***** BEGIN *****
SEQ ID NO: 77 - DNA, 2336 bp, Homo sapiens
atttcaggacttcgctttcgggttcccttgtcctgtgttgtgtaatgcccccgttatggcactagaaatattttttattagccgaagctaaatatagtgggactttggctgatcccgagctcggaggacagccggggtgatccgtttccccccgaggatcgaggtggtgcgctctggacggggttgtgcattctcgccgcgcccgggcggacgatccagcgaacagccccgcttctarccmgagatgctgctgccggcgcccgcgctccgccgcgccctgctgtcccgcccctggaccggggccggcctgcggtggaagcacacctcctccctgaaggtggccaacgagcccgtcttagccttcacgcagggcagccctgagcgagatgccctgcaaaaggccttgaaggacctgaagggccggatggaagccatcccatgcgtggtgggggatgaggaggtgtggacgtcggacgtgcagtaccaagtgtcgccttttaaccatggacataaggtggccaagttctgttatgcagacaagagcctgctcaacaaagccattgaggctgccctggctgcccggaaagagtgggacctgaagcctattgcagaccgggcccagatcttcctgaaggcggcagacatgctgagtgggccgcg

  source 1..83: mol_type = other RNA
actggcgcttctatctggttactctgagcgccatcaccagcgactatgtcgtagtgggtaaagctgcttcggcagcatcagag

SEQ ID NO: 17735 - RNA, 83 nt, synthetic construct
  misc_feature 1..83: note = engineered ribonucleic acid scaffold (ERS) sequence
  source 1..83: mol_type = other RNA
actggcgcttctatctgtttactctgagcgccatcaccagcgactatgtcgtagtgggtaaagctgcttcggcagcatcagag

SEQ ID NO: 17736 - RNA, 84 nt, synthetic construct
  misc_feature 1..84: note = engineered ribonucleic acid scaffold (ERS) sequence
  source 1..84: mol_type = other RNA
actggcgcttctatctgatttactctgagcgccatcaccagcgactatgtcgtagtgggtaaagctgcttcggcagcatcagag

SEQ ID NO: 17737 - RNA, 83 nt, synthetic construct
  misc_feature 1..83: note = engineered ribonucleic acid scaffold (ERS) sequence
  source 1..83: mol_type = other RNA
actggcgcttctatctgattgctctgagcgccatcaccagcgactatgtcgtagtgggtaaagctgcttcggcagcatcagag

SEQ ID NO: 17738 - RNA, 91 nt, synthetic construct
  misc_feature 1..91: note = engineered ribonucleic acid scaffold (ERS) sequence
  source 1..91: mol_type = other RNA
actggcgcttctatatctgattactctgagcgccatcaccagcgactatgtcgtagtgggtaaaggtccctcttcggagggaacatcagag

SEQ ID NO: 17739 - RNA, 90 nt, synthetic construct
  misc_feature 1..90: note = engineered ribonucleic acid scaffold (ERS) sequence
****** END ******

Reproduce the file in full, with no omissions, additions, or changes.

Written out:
SEQ ID NO: 77 - DNA, 2336 bp, Homo sapiens
atttcaggacttcgctttcgggttcccttgtcctgtgttgtgtaatgcccccgttatggcactagaaatattttttattagccgaagctaaatatagtgggactttggctgatcccgagctcggaggacagccggggtgatccgtttccccccgaggatcgaggtggtgcgctctggacggggttgtgcattctcgccgcgcccgggcggacgatccagcgaacagccccgcttctarccmgagatgctgctgccggcgcccgcgctccgccgcgccctgctgtcccgcccctggaccggggccggcctgcggtggaagcacacctcctccctgaaggtggccaacgagcccgtcttagccttcacgcagggcagccctgagcgagatgccctgcaaaaggccttgaaggacctgaagggccggatggaagccatcccatgcgtggtgggggatgaggaggtgtggacgtcggacgtgcagtaccaagtgtcgccttttaaccatggacataaggtggccaagttctgttatgcagacaagagcctgctcaacaaagccattgaggctgccctggctgcccggaaagagtgggacctgaagcctattgcagaccgggcccagatcttcctgaaggcggcagacatgctgagtgggccgcg

  source 1..83: mol_type = other RNA
actggcgcttctatctggttactctgagcgccatcaccagcgactatgtcgtagtgggtaaagctgcttcggcagcatcagag

SEQ ID NO: 17735 - RNA, 83 nt, synthetic construct
  misc_feature 1..83: note = engineered ribonucleic acid scaffold (ERS) sequence
  source 1..83: mol_type = other RNA
actggcgcttctatctgtttactctgagcgccatcaccagcgactatgtcgtagtgggtaaagctgcttcggcagcatcagag

SEQ ID NO: 17736 - RNA, 84 nt, synthetic construct
  misc_feature 1..84: note = engineered ribonucleic acid scaffold (ERS) sequence
  source 1..84: mol_type = other RNA
actggcgcttctatctgatttactctgagcgccatcaccagcgactatgtcgtagtgggtaaagctgcttcggcagcatcagag

SEQ ID NO: 17737 - RNA, 83 nt, synthetic construct
  misc_feature 1..83: note = engineered ribonucleic acid scaffold (ERS) sequence
  source 1..83: mol_type = other RNA
actggcgcttctatctgattgctctgagcgccatcaccagcgactatgtcgtagtgggtaaagctgcttcggcagcatcagag

SEQ ID NO: 17738 - RNA, 91 nt, synthetic construct
  misc_feature 1..91: note = engineered ribonucleic acid scaffold (ERS) sequence
  source 1..91: mol_type = other RNA
actggcgcttctatatctgattactctgagcgccatcaccagcgactatgtcgtagtgggtaaaggtccctcttcggagggaacatcagag

SEQ ID NO: 17739 - RNA, 90 nt, synthetic construct
  misc_feature 1..90: note = engineered ribonucleic acid scaffold (ERS) sequence